Professor Carolyn (known as Kim) King is New Zealand’s foremost authority on invasive mammals and world-renowned for her contribution to ecology – especially mustelids – stoats, weasels and ferrets. She is an active Anglican, and writes regularly on the theology of Creation.

Dr King received a Lifetime Achievement Award for her work in BIOlogical sciences at the 2010 Kudos Awards. She also holds the Mammal Society Medal (2005) and the NZES Award (1999); and was a Research Associate in the Department of Philosophy, Waikato University, until 2017. 

Conversation 8:

Metaphysics: The Missing Partner in the Science and Theology Dialogue

This Conversation is now available to watch here.

Thursday 25 November, 2021
Speaker: Professor Neil Ormerod


Dialogue between scientists and theologians has become increasingly common as both groups seek some rapprochement from the hostilities initiated by fundamentalists and anti-religious scientists (e.g., Dawkins, Krauss). However, there is often a missing dialogue partner in the discussion, philosophy, or more precisely metaphysics. Neither scientific nor theological, metaphysical assumptions often remain unaddressed by either party. Perhaps it is time for metaphysics to get reinserted into the dialogue.


Neil Ormerod has a PhD in pure mathematics and DTheol in theology. He has worked professionally as a theologian for over 35 years, including 14 years as Professor of Theology at Australian Catholic University. He is widely published in international theological journals and has authored 14 books. His areas of interest include natural theology, Trinitarian theology, and ecclesiology, inspired by the work of Catholic theologian and philosopher, Bernard Lonergan. He is currently employed at the Research Office of the Sydney College of Divinity.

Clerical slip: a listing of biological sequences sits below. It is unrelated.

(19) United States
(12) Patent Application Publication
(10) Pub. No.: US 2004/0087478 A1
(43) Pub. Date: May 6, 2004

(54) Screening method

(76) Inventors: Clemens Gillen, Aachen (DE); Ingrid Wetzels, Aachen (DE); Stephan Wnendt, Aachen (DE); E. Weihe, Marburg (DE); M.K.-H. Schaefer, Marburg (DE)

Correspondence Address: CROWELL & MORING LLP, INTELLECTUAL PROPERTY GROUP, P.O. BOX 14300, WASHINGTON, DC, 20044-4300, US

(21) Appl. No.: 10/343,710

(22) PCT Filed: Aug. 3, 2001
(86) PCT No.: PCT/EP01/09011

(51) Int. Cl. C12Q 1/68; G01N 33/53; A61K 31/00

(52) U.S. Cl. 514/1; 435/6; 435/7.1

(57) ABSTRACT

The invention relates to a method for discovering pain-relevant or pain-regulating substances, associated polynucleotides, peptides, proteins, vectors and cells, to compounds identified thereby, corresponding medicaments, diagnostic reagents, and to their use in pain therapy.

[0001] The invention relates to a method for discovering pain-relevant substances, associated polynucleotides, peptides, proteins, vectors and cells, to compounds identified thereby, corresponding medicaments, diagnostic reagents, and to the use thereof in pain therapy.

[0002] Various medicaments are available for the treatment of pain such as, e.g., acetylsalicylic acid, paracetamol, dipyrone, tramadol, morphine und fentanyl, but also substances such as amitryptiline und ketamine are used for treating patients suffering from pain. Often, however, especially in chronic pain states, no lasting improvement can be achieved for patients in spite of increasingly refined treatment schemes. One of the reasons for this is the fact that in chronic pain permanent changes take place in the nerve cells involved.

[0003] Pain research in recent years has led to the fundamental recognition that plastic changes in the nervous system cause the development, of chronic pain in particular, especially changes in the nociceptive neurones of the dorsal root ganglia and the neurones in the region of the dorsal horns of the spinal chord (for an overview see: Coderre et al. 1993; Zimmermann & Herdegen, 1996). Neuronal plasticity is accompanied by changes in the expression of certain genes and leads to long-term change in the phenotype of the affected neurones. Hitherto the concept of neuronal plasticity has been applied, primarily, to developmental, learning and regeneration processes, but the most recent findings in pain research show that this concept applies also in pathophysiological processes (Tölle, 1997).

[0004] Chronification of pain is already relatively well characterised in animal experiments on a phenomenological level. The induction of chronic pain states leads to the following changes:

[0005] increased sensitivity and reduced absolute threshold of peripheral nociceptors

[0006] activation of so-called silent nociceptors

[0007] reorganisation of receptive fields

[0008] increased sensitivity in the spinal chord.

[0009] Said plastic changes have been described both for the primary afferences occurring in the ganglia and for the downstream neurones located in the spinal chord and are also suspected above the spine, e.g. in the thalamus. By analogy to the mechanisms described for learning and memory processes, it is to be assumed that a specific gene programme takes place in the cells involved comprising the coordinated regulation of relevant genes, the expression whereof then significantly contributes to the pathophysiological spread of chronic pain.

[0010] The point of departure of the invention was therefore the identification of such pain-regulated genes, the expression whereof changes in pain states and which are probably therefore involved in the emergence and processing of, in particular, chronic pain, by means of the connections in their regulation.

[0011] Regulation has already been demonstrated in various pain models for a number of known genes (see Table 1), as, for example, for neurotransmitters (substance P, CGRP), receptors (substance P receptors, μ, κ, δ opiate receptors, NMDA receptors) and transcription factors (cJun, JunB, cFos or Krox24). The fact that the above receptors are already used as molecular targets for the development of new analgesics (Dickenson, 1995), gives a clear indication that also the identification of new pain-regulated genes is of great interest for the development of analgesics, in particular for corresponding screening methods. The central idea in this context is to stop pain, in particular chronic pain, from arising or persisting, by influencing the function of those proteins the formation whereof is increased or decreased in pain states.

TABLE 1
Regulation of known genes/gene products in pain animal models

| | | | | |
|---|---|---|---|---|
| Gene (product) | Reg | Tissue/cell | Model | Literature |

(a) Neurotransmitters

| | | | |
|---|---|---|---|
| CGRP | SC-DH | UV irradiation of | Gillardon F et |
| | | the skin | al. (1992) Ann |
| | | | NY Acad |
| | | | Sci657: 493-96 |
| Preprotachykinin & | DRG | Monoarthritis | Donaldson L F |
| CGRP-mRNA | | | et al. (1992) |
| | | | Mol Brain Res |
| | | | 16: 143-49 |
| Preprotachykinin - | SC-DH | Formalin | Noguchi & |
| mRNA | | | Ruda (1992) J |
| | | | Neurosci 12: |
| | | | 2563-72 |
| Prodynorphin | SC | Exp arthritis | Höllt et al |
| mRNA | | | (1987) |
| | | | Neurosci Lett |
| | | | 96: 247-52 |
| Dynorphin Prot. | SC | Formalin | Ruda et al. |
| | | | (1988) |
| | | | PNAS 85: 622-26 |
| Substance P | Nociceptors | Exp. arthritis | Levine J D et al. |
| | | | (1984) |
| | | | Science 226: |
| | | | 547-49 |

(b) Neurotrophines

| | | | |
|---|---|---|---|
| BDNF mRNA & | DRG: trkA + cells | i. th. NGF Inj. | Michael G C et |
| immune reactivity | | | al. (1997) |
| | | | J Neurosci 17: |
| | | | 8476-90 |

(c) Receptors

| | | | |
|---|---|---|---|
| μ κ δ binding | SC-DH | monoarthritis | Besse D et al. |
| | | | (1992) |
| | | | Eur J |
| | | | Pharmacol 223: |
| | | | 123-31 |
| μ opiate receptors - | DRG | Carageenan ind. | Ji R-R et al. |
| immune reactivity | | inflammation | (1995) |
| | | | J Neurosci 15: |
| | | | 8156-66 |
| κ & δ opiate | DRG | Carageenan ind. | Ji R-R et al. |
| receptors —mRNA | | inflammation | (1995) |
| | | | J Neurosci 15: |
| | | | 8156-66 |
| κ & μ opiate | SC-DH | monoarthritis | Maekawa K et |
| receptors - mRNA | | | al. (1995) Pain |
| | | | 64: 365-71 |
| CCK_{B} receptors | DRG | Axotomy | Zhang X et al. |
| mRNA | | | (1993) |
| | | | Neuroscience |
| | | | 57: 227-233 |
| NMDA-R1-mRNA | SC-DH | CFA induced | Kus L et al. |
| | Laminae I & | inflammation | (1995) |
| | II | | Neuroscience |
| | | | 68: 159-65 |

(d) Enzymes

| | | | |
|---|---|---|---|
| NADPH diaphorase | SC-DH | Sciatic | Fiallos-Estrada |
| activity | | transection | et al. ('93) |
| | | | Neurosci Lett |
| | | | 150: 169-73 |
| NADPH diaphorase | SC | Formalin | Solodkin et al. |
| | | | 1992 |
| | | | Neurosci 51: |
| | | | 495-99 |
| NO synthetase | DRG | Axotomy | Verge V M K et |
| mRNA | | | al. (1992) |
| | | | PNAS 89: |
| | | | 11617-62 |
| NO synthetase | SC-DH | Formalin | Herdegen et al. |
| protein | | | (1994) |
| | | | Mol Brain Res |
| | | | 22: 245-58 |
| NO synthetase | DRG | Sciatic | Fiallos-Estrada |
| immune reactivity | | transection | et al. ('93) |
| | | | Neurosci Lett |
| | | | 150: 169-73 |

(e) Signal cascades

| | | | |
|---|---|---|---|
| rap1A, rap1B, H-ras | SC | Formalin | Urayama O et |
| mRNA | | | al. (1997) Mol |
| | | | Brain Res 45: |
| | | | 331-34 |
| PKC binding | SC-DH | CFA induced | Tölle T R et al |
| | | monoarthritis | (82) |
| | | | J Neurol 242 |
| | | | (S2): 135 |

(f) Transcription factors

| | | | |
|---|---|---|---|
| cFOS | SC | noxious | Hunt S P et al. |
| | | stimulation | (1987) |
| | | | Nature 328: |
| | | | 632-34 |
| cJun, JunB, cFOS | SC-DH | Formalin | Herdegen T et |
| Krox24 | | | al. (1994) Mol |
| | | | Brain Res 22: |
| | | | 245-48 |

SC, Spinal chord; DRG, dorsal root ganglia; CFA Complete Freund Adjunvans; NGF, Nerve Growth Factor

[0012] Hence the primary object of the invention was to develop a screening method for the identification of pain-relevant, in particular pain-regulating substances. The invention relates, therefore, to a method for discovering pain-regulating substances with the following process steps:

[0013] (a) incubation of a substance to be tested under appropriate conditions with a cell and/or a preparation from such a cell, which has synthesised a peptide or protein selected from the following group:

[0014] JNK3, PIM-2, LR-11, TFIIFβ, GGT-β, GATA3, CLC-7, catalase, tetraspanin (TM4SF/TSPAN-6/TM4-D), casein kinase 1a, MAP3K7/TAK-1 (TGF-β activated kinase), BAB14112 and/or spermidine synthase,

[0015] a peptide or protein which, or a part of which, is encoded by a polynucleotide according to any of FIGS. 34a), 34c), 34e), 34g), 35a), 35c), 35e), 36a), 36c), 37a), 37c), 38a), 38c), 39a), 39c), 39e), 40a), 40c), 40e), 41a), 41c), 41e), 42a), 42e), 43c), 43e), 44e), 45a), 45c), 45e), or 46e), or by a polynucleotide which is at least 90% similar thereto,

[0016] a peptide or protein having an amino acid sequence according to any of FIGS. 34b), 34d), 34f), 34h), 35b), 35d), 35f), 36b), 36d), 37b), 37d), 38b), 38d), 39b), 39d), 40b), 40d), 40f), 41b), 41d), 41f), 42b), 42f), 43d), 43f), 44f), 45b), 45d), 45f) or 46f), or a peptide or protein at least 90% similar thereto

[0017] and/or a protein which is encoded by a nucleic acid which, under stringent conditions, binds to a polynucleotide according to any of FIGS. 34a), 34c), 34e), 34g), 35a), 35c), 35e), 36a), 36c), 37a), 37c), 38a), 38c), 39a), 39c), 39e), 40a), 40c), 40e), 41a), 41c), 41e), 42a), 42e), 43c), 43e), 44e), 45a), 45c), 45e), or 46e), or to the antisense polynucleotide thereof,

Conversation 9:

Science and Religion: Constructions of Conflict

This Conversation is now available to watch here.

Thursday 2 December, 2021
Speaker: Dr. Ruth Barton

Honorary Research Fellow, University of Auckland


According to Galileo, God wrote the book of Nature in the language of mathematics, yet Galileo is often taken as the paradigmatic example of the conflict of science and religion.  This talk will briefly discuss interpretations of Galileo’s relationship to the Church of his day, before focussing on more general interpretations claiming an essential conflict between science and religion. Examples will cover 200 years, from the Enlightenment of the 18th century to the better-known  examples of the late 19th century. My aim is to identify the polarizing definitions on which such interpretations rely.